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U.S. Rep. Pressley Reassures Small Business Owners of ‘Brighter Path Forward’ at Harvard Panel

Ayanna Pressley speaks at Boston Common in 2019. Pressley addressed a Harvard event Friday on the innovations and challenges faced by small businesses in the last year.
Ayanna Pressley speaks at Boston Common in 2019. Pressley addressed a Harvard event Friday on the innovations and challenges faced by small businesses in the last year. By Kathryn S. Kuhar
By Maribel Cervantes, Tracy Jiang, James R. Jolin, and Davin W. Shi, Crimson Staff Writers

U.S. Rep. Ayanna S. Pressley (D-Mass.) delivered opening remarks at a Harvard-sponsored panel Friday during which local entrepreneurs and non-profit leaders discussed how they navigated the pandemic-induced recession.

Business School senior fellow and former U.S. Small Business Administration administrator Karen G. Mills ’75 moderated the discussion, which sought to illuminate the challenges small business owners have endured over the past year and “consider what the future will look like,” per the event’s webpage.

Rock City Pizza owner Joseph J. Charles, Cambridge Chamber of Commerce President David P. Maher, Brighton Main Streets director Aidan M. McDonough, and Big Dipper Hospitality co-founder Rachel Miller Munzer shared firsthand accounts of the pandemic’s impact during the panel discussion.

Pressley said small businesses have been “destabilized” and “devastated” by the pandemic and recognized the acute need for relief she has seen in her district.

She added her leadership philosophy is to “cooperatively govern,” saying she is “a firm believer that the people closest to the pain should be the closest to the power.”

“It’s how we better understand the complexity of the challenges, but where we develop the most innovative solutions,” Pressley said. “And then I can, in turn, practice what is my love language — which is policy — and ensure that that policy is responsive.”

The additional $7 billion allocated for the Paycheck Protection Program in the recently passed American Rescue Plan Act was one example of how “policy solutions improve when lawmakers actively enlist and engage the expertise of those closest to the pain,” according to Pressley.

“My team and I reached out proactively to small business owners across the district, and we enlisted them in improving the program for the next rounds of funding, and we were able to create set-asides for micro-businesses with 10 employees, nonprofits, and nearly half of the remaining funds of the program for those employers with less than 200 employees,” she said regarding the Paycheck Protection Program.

“That was an intervention and advocacy that was responsive to what I heard directly from small business owners,” she added.

The ultimate goal of recovery, Pressley said, should not be a return to “a pre-COVID status quo normal.”

“This is the opportunity and the time for reconstruction — that we chart a brighter path forward, one that is more just and more equitable, one that centers the dignity of every member of our community — and we will do that together,” she added.

Pressley also lauded the resilience of small business owners and thanked them for their contributions to her district.

“Thank you for being good neighbors. Thank you for caring about your community. Thank you for all the ways in which you contribute to our culture, to our economy,” she said.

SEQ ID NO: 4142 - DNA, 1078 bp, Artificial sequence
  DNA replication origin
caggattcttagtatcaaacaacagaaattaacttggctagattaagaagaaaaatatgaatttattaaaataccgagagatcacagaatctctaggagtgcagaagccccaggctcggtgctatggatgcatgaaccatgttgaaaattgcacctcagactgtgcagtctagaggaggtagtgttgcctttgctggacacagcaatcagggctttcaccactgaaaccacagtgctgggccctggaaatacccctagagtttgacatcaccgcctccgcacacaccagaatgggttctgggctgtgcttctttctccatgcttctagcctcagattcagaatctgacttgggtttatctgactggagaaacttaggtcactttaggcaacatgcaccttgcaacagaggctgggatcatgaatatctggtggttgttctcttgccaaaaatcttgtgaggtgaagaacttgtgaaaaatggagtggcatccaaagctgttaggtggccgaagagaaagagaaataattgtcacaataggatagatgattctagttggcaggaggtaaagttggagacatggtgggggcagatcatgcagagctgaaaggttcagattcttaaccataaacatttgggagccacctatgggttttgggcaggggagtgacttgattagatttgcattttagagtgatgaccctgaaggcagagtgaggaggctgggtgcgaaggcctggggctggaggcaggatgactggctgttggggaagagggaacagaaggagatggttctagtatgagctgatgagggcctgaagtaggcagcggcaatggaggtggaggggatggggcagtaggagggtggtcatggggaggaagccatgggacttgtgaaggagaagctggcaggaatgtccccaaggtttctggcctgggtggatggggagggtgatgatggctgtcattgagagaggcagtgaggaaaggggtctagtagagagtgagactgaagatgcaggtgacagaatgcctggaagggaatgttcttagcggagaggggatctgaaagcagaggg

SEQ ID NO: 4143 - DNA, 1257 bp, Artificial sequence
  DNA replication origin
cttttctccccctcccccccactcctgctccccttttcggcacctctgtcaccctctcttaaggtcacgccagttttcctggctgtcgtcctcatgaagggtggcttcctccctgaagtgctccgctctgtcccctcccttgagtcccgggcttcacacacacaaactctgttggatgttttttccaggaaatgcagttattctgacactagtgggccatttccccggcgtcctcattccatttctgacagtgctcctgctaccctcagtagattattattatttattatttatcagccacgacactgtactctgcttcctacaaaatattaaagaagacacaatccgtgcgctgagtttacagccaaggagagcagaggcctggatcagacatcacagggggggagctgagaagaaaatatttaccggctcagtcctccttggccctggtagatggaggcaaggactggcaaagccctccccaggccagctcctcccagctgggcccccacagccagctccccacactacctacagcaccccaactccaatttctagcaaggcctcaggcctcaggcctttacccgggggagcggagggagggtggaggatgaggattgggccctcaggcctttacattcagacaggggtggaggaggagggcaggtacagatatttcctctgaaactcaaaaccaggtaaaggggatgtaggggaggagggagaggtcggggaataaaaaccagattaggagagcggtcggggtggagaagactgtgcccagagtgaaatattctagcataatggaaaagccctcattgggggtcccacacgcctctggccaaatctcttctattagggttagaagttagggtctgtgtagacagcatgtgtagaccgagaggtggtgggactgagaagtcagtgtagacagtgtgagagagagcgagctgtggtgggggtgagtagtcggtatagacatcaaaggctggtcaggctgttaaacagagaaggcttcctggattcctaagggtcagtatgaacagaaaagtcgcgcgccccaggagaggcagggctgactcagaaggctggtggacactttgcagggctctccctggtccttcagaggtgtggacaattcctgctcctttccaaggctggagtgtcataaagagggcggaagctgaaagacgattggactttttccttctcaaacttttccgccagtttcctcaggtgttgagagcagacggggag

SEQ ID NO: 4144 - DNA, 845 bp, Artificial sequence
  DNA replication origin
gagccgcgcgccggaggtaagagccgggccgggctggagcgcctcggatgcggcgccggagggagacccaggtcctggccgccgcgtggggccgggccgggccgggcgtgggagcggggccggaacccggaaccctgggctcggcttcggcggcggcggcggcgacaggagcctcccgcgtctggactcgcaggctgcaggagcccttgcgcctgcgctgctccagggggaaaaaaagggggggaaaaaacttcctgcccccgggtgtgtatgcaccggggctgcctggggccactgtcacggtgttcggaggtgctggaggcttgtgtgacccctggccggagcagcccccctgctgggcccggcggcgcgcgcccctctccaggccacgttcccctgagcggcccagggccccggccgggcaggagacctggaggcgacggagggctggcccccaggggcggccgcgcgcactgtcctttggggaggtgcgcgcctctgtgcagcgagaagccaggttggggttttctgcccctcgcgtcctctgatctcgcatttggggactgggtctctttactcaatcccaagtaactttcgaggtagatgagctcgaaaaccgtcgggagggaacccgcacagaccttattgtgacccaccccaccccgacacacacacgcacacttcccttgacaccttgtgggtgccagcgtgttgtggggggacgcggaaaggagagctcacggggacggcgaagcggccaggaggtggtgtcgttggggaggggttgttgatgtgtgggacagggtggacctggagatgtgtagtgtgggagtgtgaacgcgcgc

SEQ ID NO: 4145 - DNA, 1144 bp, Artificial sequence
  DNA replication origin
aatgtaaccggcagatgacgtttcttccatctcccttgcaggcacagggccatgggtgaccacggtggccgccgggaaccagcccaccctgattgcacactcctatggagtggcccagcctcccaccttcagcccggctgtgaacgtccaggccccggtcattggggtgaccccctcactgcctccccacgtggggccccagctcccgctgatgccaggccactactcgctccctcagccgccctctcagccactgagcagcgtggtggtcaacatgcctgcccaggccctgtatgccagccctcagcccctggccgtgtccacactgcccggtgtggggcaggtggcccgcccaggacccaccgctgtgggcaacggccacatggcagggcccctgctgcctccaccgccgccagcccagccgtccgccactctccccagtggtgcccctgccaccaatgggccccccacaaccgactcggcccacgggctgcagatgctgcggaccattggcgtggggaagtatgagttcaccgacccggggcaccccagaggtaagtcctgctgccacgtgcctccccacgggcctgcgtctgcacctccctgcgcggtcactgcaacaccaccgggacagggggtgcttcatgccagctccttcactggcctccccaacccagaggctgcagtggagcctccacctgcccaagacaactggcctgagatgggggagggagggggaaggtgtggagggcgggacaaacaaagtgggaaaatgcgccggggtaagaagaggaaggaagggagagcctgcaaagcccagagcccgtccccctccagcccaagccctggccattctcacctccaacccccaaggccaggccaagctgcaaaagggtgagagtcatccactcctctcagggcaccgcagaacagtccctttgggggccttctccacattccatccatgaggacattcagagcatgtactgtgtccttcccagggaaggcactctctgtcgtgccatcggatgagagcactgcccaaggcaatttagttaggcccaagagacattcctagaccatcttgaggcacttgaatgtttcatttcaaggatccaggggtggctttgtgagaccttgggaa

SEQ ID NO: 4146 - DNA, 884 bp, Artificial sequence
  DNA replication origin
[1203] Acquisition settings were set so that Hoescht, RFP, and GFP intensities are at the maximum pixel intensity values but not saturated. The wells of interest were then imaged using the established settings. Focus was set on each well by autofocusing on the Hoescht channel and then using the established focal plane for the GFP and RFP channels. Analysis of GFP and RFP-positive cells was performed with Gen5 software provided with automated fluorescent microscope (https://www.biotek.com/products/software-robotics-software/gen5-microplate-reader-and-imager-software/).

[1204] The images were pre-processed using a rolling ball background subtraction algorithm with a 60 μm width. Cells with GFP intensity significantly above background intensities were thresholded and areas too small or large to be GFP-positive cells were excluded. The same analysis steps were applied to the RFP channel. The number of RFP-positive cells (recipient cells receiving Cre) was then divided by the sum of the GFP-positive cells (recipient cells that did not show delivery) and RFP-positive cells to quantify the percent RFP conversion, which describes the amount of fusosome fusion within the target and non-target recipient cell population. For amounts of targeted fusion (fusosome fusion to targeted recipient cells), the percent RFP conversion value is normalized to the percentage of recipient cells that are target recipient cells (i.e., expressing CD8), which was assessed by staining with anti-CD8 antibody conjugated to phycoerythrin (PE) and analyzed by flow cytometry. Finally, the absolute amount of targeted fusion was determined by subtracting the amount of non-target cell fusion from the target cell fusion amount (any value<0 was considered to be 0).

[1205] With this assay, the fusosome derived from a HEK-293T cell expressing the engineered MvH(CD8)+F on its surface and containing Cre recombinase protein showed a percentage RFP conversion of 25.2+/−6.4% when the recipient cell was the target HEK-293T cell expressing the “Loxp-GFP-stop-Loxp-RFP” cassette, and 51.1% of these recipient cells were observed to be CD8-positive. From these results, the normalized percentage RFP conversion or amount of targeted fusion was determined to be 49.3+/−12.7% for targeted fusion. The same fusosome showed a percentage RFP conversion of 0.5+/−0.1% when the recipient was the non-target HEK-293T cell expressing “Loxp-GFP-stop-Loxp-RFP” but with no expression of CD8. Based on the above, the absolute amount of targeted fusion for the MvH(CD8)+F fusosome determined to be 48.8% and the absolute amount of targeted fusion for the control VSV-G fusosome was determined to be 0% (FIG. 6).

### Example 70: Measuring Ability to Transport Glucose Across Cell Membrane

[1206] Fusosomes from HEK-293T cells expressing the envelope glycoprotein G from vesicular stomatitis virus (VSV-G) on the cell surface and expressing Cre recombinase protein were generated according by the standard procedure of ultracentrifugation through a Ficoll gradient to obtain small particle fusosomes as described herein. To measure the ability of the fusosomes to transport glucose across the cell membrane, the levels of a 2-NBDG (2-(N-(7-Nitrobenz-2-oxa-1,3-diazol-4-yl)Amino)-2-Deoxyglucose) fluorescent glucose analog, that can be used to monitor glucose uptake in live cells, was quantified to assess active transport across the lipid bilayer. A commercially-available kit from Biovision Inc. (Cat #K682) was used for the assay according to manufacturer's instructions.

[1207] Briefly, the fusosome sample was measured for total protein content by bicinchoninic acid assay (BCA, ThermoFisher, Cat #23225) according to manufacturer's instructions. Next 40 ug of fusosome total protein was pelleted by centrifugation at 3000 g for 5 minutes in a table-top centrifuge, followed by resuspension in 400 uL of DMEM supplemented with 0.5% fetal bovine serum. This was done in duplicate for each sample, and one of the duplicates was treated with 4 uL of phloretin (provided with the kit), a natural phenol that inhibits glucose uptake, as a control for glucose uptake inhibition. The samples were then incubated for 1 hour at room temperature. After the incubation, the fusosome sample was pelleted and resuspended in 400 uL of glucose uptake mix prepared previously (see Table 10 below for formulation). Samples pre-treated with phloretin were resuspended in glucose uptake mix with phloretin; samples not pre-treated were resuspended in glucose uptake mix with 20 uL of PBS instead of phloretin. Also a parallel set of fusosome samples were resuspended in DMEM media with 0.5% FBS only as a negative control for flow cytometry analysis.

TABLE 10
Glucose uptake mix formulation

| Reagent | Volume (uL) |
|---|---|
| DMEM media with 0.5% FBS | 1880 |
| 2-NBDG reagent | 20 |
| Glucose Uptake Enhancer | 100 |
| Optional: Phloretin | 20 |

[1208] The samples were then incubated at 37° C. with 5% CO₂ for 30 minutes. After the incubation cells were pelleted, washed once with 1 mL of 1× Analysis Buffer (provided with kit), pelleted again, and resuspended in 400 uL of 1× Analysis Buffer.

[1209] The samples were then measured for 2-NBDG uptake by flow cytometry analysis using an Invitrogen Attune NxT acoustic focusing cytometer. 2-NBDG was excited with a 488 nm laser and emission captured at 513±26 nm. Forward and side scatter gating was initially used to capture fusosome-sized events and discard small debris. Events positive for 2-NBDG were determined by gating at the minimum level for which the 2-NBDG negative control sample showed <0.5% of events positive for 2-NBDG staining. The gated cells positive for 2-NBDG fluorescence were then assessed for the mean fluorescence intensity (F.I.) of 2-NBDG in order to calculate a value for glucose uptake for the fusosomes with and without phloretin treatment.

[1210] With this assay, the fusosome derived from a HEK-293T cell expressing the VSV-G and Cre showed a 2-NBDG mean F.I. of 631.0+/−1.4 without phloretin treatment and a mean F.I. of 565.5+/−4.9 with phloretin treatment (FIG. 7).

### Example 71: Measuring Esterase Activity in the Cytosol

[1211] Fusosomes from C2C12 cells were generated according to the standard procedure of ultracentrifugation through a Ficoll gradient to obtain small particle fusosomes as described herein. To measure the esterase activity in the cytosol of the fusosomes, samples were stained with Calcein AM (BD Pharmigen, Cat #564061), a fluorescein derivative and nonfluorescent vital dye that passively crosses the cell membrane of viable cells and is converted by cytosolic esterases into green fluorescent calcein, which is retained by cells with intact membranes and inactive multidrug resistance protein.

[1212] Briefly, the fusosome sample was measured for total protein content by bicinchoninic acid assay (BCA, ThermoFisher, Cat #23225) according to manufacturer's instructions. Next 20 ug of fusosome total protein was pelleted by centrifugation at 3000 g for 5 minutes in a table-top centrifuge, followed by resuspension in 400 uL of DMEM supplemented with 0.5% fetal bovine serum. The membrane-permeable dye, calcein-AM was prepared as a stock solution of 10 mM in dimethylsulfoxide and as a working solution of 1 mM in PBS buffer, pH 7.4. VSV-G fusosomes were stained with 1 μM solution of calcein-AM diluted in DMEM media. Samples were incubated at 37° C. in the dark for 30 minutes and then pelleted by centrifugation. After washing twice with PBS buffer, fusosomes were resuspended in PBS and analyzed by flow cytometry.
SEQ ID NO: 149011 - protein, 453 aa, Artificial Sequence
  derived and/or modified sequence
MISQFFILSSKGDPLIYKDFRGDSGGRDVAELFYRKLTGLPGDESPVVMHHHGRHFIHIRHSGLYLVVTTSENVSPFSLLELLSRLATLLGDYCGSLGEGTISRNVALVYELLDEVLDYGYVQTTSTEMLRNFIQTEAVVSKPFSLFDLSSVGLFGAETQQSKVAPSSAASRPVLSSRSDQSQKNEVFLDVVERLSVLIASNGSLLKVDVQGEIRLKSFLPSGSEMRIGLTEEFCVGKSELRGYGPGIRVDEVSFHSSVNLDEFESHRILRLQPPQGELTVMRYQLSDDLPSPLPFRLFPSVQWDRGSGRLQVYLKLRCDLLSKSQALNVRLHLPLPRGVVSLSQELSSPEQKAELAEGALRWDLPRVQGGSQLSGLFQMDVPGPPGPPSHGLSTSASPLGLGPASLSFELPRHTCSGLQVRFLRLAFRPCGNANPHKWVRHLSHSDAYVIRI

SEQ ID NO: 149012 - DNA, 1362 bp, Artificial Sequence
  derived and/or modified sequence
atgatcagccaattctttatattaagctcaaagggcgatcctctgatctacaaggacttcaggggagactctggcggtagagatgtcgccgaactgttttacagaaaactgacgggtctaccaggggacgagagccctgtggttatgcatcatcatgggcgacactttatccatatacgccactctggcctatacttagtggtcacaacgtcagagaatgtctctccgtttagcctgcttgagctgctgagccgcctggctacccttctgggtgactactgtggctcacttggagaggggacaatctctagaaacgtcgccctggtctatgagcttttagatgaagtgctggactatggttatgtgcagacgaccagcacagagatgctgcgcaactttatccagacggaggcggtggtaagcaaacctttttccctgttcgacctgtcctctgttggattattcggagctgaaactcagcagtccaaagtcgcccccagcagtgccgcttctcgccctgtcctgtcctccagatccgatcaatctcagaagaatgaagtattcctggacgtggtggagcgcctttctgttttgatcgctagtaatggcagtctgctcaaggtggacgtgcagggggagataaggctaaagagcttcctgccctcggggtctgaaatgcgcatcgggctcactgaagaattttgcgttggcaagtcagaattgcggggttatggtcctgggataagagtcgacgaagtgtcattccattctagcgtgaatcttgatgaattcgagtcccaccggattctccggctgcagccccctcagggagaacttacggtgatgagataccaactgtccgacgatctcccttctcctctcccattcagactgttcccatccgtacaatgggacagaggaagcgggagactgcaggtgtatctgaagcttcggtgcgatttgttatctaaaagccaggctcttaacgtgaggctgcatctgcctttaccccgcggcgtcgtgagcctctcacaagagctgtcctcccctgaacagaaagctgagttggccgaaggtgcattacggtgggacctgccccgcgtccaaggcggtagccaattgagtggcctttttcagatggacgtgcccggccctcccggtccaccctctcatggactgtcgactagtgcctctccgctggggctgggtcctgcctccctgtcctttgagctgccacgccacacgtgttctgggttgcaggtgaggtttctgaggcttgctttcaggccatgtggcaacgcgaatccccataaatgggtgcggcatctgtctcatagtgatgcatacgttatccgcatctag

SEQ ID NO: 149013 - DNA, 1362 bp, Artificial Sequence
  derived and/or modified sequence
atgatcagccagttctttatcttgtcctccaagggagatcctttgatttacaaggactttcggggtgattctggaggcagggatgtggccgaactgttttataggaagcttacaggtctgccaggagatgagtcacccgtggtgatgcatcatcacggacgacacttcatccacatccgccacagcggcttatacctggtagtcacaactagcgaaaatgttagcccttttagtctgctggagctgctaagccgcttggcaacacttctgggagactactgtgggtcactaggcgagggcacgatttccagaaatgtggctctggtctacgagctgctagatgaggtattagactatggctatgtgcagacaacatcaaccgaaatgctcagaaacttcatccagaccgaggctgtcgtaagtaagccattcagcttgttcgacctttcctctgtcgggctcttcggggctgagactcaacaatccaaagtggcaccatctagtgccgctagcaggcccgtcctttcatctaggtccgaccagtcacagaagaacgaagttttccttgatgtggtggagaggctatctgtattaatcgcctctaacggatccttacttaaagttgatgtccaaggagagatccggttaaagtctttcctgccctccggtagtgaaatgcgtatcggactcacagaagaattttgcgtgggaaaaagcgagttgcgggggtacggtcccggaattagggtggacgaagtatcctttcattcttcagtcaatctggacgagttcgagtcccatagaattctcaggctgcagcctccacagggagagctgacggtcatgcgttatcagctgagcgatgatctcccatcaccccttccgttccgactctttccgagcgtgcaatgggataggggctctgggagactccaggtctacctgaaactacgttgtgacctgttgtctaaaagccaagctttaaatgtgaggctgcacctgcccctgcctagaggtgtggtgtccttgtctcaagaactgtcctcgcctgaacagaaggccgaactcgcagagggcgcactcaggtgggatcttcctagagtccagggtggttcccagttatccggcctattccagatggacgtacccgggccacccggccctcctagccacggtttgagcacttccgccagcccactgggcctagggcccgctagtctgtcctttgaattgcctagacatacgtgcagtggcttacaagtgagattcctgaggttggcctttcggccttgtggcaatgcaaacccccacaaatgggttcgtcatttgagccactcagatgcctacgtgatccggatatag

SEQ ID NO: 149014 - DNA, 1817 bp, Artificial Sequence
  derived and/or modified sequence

Mills began the panel portion of the event by saying small businesses are critical to the country and that the Covid-19 pandemic has made it “the most challenging time” for them.

She went on to ask panelists — entrepreneurs and city leaders — about the innovations they have made.

Munzer said she shut down three restaurants “as soon as the pandemic hit.” One of her business partners suggested they convert one of the restaurants in Kendall Square to a corner grocery store, which is now operating as Vincent’s Corner Grocery. Charles, the owner of Rock City Pizza in Allston, said he converted a “late night window” into a “curbside pickup window,” which many customers gravitated to.

Maher, the Cambridge Chamber of Commerce president, discussed the organization’s pivot to becoming a source of information and an advocate for small businesses.

“We have to do more. We have to be able to respond,” Maher said. “In Cambridge, there was an extraordinary response to that, just looking at the reduction in fees that the city came up with in 2021, which were 40 percent reduction in fees for liquor [licenses] and in permitting.”

Maher said he hopes to see the city help small business owners “maneuver and jump through all the hoops” of starting a business like licensing, inspections, plumbing, and more.

In an interview after the panel discussion, McDonough, the Brighton Main Streets director, said many businesses in his area have expressed concerns about rent.

“If there was a wish that I could have granted, it would just be to be able to provide that kind of funding, so that many of our businesses could get ahead of their rent, because while they’re not paying it, it’s still accruing, and it has to get paid somehow,” he said.

McDonough said he expects businesses to continue “exploring” the innovation and creativity they have fostered during the pandemic.

“One thing I would want to leave is just this notion of the ‘new normal’ and what it will look like, and really exploring these waves of innovation and creativity to make sure businesses can always stay afloat and have solutions already put into place that they may not be aware of,” he said.

—Staff writer Maribel Cervantes can be reached at

—Staff writer Tracy Jiang can be reached at Follow her on Twitter @_tracyjiang_.

—Staff writer James R. Jolin can be reached at

—Staff writer Davin W. Shi can be reached at

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